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Publication numberUS6364062 B1
Publication typeGrant
Application numberUS 09/435,506
Publication dateApr 2, 2002
Filing dateNov 8, 1999
Priority dateNov 8, 1999
Fee statusPaid
Also published asCN1204033C, CN1387492A, EP1230143A1, EP1230143B1, WO2001034510A1
Publication number09435506, 435506, US 6364062 B1, US 6364062B1, US-B1-6364062, US6364062 B1, US6364062B1
InventorsRichard J. Ericson, John T. Pitts, John P. Wesson
Original AssigneeOtis Elevator Company
Export CitationBiBTeX, EndNote, RefMan
External Links: USPTO, USPTO Assignment, Espacenet
Linear tracking mechanism for elevator rope
US 6364062 B1
Abstract
An elevator guide system for flat rope tracking prevents the flat rope from hitting the shoulders on a rotating sheave to prevent premature degradation emitting objectionable sounds. The rope guide system includes one or more guide bodies having channels generally aligned with sheave grooves to which each block is adjacently positioned using a frame-mount. The guide bodies align the flat belt on entry into and exit from a sheave. The guide bodies may have a planar back surface, or a circular back surface, with the channel sidewalls disposed thereon and extending outwardly at right angles therefrom.
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Claims(11)
What is claimed is:
1. An elevator system comprising:
an elevator car engaged with an elevator rope;
an elevator sheave in operative engagement with the elevator rope; and
an elevator rope guide device including
a guide body in operative engagement with the elevator rope, the guide body including an opposed pair of generally planar engagement surfaces adapted to receive the elevator rope therebetween, the engagement surfaces adapted to engage opposing portions of the elevator rope there-against, wherein the pair of engagement surfaces enables the guide body to provide alignment of the elevator rope laterally with respect to the sheave.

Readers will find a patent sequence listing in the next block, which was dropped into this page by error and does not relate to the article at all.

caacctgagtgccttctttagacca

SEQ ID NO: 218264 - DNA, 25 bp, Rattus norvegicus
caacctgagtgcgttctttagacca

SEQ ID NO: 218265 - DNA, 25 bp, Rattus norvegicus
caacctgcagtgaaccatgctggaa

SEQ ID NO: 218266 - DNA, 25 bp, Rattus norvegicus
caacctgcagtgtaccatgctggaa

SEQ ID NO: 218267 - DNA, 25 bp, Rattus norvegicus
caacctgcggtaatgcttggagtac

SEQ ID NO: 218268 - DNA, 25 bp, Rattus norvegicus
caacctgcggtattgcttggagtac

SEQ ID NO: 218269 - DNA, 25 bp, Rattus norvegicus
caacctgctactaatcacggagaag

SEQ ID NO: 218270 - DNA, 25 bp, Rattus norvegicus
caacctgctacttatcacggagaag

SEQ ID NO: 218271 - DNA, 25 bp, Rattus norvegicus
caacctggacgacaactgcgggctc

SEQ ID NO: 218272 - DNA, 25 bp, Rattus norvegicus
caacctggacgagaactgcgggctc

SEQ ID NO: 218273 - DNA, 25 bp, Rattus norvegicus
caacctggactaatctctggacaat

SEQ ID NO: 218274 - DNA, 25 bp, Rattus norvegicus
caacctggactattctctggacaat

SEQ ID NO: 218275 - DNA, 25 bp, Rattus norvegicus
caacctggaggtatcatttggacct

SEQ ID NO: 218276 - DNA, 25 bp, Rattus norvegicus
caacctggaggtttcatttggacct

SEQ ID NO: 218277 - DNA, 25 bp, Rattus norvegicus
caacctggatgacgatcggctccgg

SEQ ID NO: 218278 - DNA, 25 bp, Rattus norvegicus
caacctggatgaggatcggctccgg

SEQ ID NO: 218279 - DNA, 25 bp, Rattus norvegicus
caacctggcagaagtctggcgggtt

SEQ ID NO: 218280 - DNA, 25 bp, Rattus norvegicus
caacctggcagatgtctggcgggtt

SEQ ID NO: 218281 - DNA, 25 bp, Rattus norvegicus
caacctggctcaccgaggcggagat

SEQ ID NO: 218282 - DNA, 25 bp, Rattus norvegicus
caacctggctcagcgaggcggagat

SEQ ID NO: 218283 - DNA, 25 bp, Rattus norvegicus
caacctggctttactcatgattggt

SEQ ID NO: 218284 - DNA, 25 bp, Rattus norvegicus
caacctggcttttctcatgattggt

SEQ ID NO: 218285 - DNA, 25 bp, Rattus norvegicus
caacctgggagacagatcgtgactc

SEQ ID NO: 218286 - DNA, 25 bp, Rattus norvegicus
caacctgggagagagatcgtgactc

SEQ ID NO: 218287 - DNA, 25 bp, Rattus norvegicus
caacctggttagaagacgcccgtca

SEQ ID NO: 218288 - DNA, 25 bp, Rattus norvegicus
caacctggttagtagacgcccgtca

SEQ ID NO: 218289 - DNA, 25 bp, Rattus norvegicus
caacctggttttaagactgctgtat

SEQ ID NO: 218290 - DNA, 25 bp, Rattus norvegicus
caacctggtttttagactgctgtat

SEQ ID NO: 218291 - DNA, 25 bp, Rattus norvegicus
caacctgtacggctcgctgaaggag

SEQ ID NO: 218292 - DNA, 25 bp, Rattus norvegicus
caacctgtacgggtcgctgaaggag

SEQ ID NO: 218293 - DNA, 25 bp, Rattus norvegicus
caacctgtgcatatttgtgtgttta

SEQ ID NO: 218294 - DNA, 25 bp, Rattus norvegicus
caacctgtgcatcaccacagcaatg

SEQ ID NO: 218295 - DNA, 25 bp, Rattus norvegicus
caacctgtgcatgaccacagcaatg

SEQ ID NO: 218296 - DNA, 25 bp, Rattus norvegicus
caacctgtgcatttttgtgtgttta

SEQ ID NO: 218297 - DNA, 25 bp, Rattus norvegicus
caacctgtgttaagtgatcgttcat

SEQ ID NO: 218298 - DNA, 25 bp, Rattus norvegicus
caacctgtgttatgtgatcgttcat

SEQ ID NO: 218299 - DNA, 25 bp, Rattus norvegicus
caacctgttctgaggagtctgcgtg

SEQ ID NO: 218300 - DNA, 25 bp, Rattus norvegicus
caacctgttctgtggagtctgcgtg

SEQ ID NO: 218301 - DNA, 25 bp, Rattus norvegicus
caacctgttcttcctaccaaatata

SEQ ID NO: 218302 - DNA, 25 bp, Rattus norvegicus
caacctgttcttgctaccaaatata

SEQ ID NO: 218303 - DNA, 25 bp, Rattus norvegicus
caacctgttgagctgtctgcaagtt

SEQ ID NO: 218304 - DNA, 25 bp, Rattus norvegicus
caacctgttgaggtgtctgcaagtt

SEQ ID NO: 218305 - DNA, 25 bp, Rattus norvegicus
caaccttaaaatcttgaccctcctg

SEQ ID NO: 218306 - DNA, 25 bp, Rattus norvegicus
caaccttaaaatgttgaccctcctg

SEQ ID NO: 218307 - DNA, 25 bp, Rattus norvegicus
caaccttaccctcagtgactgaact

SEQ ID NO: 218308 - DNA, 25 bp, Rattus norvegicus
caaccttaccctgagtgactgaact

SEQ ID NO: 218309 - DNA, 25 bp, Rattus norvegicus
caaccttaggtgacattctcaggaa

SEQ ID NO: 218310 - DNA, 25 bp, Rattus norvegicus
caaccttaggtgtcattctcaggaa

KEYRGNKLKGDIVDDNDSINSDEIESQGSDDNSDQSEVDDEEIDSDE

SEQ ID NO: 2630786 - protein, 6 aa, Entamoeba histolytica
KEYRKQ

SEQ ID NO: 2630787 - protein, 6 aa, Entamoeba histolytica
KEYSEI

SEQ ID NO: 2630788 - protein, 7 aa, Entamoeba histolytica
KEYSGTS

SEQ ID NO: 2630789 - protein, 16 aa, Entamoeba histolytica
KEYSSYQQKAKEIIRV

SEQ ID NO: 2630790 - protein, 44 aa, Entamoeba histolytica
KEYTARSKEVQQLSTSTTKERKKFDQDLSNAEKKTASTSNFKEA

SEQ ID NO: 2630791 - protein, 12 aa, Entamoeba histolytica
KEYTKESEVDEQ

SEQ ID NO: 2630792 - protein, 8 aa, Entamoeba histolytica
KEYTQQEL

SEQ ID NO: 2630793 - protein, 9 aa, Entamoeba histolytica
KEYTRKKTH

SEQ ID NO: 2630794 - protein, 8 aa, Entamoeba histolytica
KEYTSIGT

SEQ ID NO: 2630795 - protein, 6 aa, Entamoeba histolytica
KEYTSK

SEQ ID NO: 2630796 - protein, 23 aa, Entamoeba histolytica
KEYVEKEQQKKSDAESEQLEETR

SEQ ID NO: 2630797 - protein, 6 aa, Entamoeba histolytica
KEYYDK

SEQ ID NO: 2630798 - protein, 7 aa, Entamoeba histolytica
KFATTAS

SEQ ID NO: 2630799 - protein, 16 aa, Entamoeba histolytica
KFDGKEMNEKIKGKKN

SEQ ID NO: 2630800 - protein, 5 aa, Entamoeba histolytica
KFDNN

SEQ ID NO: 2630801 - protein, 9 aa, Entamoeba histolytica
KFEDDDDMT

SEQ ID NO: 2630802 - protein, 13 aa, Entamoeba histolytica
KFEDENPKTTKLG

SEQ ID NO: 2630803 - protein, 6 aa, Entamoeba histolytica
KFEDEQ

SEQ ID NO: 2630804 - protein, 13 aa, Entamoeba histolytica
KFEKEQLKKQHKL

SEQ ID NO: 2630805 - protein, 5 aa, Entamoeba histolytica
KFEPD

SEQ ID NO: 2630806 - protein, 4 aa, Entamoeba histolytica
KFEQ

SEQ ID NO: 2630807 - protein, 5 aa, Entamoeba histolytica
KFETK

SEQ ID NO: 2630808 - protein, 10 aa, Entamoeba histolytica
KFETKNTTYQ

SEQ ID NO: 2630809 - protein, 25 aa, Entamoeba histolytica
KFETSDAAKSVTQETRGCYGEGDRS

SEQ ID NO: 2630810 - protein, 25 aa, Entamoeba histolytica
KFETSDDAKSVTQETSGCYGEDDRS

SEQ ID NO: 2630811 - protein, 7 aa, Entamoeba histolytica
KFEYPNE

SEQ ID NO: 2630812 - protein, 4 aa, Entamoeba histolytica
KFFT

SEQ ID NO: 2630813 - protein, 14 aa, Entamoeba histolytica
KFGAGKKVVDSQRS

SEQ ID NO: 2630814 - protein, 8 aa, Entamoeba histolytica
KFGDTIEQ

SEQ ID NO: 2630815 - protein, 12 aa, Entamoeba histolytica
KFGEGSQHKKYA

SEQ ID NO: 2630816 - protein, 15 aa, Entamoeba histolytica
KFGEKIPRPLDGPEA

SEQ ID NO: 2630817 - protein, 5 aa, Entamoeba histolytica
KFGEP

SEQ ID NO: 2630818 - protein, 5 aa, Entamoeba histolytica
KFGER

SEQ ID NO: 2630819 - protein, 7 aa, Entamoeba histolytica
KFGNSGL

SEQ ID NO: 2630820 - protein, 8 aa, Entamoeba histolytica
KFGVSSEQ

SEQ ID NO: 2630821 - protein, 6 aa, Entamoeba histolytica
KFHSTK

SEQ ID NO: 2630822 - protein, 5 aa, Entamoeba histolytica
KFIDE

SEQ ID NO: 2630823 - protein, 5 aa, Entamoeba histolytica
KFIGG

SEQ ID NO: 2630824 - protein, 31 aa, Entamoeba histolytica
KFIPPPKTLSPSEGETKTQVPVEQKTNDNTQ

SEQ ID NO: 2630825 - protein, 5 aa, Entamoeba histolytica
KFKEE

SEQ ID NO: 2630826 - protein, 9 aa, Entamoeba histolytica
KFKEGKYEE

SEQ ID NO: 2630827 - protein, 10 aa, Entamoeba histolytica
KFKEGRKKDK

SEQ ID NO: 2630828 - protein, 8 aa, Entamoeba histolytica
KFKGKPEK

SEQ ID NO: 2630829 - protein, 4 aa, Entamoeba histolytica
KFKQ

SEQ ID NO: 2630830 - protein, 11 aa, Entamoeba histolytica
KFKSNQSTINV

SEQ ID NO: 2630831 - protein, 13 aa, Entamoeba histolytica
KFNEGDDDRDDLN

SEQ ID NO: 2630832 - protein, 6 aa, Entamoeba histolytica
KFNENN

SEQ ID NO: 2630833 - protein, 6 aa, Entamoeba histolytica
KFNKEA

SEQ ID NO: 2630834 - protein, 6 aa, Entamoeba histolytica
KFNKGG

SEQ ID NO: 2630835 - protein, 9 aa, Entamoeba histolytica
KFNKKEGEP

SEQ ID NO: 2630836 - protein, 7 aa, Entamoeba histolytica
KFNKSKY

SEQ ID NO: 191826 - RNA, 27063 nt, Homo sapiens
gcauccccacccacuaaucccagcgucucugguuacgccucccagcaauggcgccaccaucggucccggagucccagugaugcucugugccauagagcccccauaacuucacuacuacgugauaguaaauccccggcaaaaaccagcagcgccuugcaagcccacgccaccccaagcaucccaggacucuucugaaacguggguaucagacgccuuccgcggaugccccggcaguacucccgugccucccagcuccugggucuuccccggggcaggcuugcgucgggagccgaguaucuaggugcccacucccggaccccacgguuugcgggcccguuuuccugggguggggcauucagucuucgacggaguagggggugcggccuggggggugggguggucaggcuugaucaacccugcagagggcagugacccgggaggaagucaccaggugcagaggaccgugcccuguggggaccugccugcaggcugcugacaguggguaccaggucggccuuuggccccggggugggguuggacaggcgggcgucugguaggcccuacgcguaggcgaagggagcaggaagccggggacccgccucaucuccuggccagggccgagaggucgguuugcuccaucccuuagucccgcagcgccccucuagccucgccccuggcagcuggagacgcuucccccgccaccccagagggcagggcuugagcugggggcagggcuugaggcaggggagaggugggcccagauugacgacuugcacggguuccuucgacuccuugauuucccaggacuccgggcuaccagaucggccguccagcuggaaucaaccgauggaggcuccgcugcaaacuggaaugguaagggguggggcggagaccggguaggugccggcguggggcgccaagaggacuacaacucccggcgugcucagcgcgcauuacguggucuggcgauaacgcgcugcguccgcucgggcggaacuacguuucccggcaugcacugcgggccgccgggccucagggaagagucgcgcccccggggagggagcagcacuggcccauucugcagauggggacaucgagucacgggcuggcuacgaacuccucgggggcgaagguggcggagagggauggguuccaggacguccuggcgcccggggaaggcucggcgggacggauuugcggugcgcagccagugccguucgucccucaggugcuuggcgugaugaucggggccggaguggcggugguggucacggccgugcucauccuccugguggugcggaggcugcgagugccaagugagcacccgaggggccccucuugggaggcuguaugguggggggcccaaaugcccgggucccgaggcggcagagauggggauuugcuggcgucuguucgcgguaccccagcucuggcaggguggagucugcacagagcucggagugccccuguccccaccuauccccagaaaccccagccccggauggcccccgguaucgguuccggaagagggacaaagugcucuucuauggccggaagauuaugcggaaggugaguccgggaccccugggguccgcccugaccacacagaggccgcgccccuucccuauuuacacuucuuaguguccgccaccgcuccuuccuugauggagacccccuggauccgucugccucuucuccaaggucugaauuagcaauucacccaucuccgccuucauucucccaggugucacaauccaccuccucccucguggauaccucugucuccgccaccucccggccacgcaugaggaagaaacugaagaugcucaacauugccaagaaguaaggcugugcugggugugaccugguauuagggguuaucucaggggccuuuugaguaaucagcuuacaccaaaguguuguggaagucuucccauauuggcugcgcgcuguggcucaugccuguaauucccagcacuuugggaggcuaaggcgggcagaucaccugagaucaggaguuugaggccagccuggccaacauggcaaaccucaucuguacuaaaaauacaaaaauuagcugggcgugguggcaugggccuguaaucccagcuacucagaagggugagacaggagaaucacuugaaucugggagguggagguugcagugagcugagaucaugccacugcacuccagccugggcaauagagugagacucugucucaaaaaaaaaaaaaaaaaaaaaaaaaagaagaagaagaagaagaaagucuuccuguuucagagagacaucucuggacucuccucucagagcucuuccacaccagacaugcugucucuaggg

2. An elevator system according to claim 1, wherein the pair of engagement surfaces comprises a pair of side walls disposed on the guide body in substantially parallel relationship to form a guide slot.
3. An elevator system according to claim 2, wherein the guide body further comprises a generally cylindrical surface having the side walls disposed thereon and extending outwardly therefrom at substantially right angles, the guide body being rotatably mounted on an axis generally parallel to an axis of rotation of the sheave, the guide slot further including the cylindrical surface.
4. An elevator system according to claim 2, wherein the guide slot has a guide slot width that is narrower than a width of a groove on the sheave into which the rope operatively engages.
5. An elevator system according to claim 2, wherein the guide slot is constructed of a low-friction material.
6. An elevator system according to claim 2, further comprising a retainer plate removably mounted over the guide slot to enclose the elevator rope within the guide slot.
7. An elevator system according to claim 1, further comprising a frame for mounting the guide body in general tangential alignment with respect to the elevator sheave.
8. An elevator system according to claim 1, wherein the sheave comprises a substantially constant-radius cylindrical surface operatively engaging the elevator rope, and the guide body provides alignment of the elevator rope with respect to the sheave such that the cylindrical surface of the sheave retains operative engagement with the rope.
9. An elevator system according to claim 1, wherein the elevator rope further comprises a substantially flat elevator rope.